How great a role should Social Security play in your clients’ retirement income plans? And just as importantly, how should its collection be coordinated with retirement account distributions and other income streams?
Nationwide Retirement Institute research shows that recent and future retirees expect the program to provide 57 percent of their income. And considering that the average annual payout is just under $17,000, that may be a decent estimate for a married couple with shared expenses and a paid-off home.
For many seniors, however, that estimate is just a guess. Most recent and soon-to-be retirees haven’t received any Social Security help from their advisors, and among those who did receive advice, over half had to initiate the discussion themselves. What’s more, 45 percent of future retirees don’t understand what expenses will be withheld from their benefits, and at least half don’t understand how their monthly benefits are determined.
Clearly, these clients can use your help.
“Lower and middle-income people tend to use Social Security as a crutch, while those with higher net worth don’t think about the total benefits they can receive,” says Carrie Turcotte, Partner and Wealth Management Advisor at Wells Fargo Advisors.
As a significant guaranteed income stream, properly timed Social Security distributions can help your clients cover their costs and make the most of other assets and income streams. By properly placing it within their broader retirement pictures, you can provide lasting peace of mind while helping them to achieve their retirement goals.
Expenses in retirement
According to the Social Security Administration, 48 percent of married couples receive at least half of their income from Social Security, with 21 percent relying on the program for 90 percent or more. The SSA also recommends that benefits replace about 40 percent of income for average earners (more for low earners and less for high-income families).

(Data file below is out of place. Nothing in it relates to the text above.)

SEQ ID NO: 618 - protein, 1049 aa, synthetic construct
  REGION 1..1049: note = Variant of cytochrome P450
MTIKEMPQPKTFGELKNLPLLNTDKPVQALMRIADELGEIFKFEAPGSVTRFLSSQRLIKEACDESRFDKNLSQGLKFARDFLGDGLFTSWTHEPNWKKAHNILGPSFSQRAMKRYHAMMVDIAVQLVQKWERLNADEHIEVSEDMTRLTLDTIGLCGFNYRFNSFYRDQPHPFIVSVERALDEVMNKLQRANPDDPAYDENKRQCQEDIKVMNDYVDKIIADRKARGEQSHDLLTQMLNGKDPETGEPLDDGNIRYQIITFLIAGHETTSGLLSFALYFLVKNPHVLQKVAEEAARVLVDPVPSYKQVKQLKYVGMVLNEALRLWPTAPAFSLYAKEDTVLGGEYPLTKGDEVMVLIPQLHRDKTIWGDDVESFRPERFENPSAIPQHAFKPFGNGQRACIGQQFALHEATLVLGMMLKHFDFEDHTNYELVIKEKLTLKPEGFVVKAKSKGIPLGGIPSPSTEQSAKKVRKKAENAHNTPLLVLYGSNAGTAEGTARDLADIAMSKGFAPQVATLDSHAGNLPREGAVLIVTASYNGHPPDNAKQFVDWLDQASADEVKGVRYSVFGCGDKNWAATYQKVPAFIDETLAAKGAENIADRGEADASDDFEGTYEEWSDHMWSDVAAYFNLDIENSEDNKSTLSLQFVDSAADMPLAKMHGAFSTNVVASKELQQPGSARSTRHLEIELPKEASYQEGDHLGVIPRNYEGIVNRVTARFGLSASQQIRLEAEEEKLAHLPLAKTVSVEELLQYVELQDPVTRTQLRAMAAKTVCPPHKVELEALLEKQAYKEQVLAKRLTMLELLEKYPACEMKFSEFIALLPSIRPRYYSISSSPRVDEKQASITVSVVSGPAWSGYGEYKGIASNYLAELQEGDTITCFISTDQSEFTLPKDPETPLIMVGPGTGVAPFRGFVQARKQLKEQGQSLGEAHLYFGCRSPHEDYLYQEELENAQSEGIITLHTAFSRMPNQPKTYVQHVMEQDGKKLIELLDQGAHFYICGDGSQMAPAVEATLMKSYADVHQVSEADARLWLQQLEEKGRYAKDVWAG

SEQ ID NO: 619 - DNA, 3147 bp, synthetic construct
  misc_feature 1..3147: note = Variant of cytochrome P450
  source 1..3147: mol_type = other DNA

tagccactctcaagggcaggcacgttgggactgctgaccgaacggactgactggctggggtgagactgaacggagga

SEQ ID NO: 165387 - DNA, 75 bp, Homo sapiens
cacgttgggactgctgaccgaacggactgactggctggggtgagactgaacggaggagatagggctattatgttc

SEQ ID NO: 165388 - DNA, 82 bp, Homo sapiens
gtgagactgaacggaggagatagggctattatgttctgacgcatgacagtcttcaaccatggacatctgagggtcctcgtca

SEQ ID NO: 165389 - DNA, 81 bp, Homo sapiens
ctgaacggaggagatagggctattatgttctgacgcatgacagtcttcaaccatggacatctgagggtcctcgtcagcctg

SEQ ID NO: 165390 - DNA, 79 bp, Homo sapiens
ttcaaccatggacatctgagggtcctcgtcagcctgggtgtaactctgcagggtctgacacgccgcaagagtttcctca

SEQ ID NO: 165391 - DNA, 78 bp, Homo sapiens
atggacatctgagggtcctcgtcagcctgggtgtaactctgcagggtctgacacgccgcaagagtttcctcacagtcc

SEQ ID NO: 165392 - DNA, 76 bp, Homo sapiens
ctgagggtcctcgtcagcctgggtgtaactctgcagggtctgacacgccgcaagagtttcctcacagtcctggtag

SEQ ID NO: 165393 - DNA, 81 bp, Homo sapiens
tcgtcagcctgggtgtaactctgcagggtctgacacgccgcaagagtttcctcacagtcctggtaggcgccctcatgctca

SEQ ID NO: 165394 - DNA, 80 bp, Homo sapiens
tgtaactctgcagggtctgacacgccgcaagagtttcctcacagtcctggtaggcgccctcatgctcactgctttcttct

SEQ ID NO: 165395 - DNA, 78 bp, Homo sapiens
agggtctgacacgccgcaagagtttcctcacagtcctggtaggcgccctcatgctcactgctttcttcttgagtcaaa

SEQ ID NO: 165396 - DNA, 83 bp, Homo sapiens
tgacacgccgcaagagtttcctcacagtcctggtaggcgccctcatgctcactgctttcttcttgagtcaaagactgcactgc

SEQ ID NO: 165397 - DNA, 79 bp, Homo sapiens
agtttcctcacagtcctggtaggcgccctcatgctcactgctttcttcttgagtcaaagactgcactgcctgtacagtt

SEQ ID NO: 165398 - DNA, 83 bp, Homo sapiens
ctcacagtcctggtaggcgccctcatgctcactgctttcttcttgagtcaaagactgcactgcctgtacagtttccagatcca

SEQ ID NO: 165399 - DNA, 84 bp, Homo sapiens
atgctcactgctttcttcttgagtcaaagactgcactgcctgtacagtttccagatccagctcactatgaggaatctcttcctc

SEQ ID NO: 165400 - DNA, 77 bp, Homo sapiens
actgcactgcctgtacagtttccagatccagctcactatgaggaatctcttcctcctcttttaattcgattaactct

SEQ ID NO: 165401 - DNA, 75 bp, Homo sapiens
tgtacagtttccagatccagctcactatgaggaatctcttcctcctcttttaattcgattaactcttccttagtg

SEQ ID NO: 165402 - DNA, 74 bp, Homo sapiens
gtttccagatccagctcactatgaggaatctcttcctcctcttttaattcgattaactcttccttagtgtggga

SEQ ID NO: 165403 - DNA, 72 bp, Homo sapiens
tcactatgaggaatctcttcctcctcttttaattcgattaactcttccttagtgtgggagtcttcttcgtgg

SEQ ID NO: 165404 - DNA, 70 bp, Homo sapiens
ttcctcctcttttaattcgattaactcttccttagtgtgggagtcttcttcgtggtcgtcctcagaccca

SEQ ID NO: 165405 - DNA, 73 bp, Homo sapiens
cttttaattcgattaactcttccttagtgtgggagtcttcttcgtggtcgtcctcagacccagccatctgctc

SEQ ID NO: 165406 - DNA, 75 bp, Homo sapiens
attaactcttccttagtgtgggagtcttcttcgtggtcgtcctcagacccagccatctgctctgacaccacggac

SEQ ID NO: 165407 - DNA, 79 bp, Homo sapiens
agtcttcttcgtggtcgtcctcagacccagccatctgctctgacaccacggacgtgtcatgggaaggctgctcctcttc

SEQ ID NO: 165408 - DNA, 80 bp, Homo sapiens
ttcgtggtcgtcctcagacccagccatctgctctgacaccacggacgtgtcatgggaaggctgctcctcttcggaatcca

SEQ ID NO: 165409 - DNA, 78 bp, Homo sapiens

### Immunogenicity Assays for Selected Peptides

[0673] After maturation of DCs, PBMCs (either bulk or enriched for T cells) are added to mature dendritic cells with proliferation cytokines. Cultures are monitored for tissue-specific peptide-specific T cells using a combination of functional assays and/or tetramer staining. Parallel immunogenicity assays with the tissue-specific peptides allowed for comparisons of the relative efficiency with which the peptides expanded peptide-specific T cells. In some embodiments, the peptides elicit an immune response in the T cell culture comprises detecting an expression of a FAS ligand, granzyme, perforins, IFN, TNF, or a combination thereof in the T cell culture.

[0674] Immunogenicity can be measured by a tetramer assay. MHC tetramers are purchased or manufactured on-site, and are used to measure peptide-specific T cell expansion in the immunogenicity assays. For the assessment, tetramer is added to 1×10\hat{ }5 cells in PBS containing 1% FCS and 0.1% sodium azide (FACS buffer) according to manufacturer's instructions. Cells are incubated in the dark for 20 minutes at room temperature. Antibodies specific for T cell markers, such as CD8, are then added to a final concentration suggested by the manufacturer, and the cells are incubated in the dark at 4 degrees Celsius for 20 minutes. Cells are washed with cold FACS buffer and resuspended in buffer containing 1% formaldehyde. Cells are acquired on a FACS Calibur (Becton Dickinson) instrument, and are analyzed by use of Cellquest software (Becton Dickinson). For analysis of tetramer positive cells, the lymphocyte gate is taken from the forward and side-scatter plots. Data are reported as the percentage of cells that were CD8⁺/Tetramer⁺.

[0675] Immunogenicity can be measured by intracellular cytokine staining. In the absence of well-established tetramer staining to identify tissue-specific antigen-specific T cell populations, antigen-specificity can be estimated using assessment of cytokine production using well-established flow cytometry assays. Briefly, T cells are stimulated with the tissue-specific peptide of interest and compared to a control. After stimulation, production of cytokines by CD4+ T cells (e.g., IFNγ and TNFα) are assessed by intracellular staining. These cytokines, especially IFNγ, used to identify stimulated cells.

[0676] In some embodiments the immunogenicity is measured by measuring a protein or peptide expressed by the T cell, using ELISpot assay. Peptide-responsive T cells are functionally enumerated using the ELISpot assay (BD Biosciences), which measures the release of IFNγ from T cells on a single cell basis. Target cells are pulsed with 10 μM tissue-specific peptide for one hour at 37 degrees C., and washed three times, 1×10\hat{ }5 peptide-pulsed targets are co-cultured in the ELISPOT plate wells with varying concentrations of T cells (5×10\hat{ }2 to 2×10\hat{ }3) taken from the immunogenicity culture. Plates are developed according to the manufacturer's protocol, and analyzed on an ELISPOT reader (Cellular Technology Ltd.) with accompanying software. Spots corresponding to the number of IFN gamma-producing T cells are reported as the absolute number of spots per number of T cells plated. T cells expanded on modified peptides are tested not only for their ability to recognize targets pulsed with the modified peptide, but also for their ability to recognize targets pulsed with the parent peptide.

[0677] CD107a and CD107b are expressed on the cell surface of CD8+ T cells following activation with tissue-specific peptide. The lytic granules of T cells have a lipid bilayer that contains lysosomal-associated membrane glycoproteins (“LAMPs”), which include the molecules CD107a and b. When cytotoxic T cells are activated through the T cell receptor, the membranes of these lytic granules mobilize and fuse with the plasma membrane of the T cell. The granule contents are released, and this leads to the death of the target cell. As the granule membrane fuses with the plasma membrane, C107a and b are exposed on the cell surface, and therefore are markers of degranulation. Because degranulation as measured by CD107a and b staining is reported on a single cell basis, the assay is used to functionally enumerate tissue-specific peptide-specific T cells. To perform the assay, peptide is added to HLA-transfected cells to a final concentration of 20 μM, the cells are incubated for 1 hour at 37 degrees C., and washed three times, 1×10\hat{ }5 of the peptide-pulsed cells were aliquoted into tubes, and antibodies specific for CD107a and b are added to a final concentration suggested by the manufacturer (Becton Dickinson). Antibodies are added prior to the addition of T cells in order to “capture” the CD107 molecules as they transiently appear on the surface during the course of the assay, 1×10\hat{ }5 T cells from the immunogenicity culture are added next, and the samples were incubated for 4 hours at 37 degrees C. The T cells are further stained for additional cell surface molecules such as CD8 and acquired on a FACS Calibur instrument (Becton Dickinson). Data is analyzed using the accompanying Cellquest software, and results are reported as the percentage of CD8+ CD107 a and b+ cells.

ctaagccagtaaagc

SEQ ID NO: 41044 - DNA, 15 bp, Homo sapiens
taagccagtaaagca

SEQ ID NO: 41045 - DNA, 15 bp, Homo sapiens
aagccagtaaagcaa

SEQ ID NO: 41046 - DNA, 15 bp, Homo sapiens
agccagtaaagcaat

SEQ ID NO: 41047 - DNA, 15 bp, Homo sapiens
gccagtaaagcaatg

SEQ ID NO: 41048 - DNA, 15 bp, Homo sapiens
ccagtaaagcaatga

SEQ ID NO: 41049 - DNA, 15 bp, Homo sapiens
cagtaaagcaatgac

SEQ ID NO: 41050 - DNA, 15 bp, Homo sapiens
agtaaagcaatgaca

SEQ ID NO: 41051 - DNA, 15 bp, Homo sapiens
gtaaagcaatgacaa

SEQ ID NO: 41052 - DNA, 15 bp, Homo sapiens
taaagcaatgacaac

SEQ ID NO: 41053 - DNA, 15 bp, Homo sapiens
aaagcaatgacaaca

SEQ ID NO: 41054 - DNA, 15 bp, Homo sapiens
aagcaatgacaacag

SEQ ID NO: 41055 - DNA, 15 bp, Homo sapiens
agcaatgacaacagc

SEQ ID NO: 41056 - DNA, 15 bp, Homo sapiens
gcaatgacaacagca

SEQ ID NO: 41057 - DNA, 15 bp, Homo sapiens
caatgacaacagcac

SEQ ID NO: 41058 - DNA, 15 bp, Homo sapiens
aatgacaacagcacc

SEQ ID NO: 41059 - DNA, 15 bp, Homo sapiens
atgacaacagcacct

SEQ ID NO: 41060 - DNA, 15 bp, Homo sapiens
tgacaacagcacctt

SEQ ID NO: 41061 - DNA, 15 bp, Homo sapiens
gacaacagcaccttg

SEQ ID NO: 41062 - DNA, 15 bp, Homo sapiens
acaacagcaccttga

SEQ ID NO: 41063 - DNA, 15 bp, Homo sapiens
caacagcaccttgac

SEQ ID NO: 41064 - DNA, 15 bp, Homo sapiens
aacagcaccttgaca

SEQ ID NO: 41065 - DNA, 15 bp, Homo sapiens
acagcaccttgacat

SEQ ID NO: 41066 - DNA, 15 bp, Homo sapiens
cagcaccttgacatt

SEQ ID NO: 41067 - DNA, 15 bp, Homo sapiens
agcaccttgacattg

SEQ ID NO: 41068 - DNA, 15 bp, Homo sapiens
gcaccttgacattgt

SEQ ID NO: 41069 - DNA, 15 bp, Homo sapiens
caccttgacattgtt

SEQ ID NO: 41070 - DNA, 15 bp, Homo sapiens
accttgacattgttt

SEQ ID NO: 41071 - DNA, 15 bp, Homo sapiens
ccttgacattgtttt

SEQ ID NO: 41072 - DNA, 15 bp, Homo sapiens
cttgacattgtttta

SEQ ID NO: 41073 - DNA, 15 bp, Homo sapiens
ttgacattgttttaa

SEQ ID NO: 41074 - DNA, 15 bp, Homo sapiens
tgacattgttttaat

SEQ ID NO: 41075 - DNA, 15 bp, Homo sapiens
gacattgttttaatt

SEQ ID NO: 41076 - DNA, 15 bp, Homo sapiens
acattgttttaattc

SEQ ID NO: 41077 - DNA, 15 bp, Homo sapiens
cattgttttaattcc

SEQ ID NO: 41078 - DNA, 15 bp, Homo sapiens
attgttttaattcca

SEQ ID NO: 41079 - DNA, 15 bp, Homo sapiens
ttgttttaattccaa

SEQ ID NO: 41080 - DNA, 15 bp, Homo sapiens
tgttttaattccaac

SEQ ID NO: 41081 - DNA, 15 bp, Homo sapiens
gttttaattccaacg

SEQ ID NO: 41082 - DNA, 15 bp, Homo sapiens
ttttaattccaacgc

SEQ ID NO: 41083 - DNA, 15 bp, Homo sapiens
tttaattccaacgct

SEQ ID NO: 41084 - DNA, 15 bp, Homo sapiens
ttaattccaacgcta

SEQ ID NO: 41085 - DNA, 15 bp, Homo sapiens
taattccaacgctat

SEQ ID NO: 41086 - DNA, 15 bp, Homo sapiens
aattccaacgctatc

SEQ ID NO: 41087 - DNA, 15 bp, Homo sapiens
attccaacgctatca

For most clients, however, an honest look at expenses is more important than any statistic or rule of thumb – an essential starting point for allocating Social Security and determining a realistic standard of living.
“You’ll often hear that you can live on 70 to 80 percent of your previous income when you retire, but it really depends on your situation,” says Barry S. Waronker, JD, Senior Partner and CEO of Informed Family Financial Services.
Specifics vary from one family to the next, but clients can rest easy if they understand a couple of key points. First, they’ll have a great deal of cash freed up now that they’re no longer saving. Second, the first few years of retirement won’t be indicative of their long-term income needs.
“There are go-go, slow-go and no-go years,” says Waronker. “Oftentimes, people need to build up more income up front, but as they get into their 70s and 80s, they slow way down on spending.”
Instead of considering Social Security in proportion to a client’s overall portfolio, it makes more sense to separate it completely, treating it as the safety net it was designed to be.
“Social Security and other safe sources should be the base of your income – especially given the unpredictability of the stock market,” says Waronker. “That lets you feel safe and have a consistent paycheck, with money left over for vacations, gifts and other extras.”
With the average retirement costing around $750,000 and lasting just under 20 years, Social Security may cover the bare bones for middle-class clients. But wealthier retirees with higher standards of living will likely need additional income from pensions, lifetime annuities and other guaranteed sources.
There’s another benefit to treating Social Security as an income stream, rather than an asset: “It can make people less aggressive or less reliant on equity returns to meet their needs,” says Ben Westerman, Senior Vice President of HM Capital Management. With their needs met through guaranteed income, clients can allocate their riskier investments to luxuries, inheritances and longer-term goals that can better withstand market corrections.
Timing and tax reductions
Given its unique tax status and growth opportunities, Social Security is also an excellent tool for minimizing tax liabilities and making the most of other income sources. Benefits grow 8 percent per year after full retirement age, and unlike 401(k) and IRA distributions, their taxation tops out at 85 percent.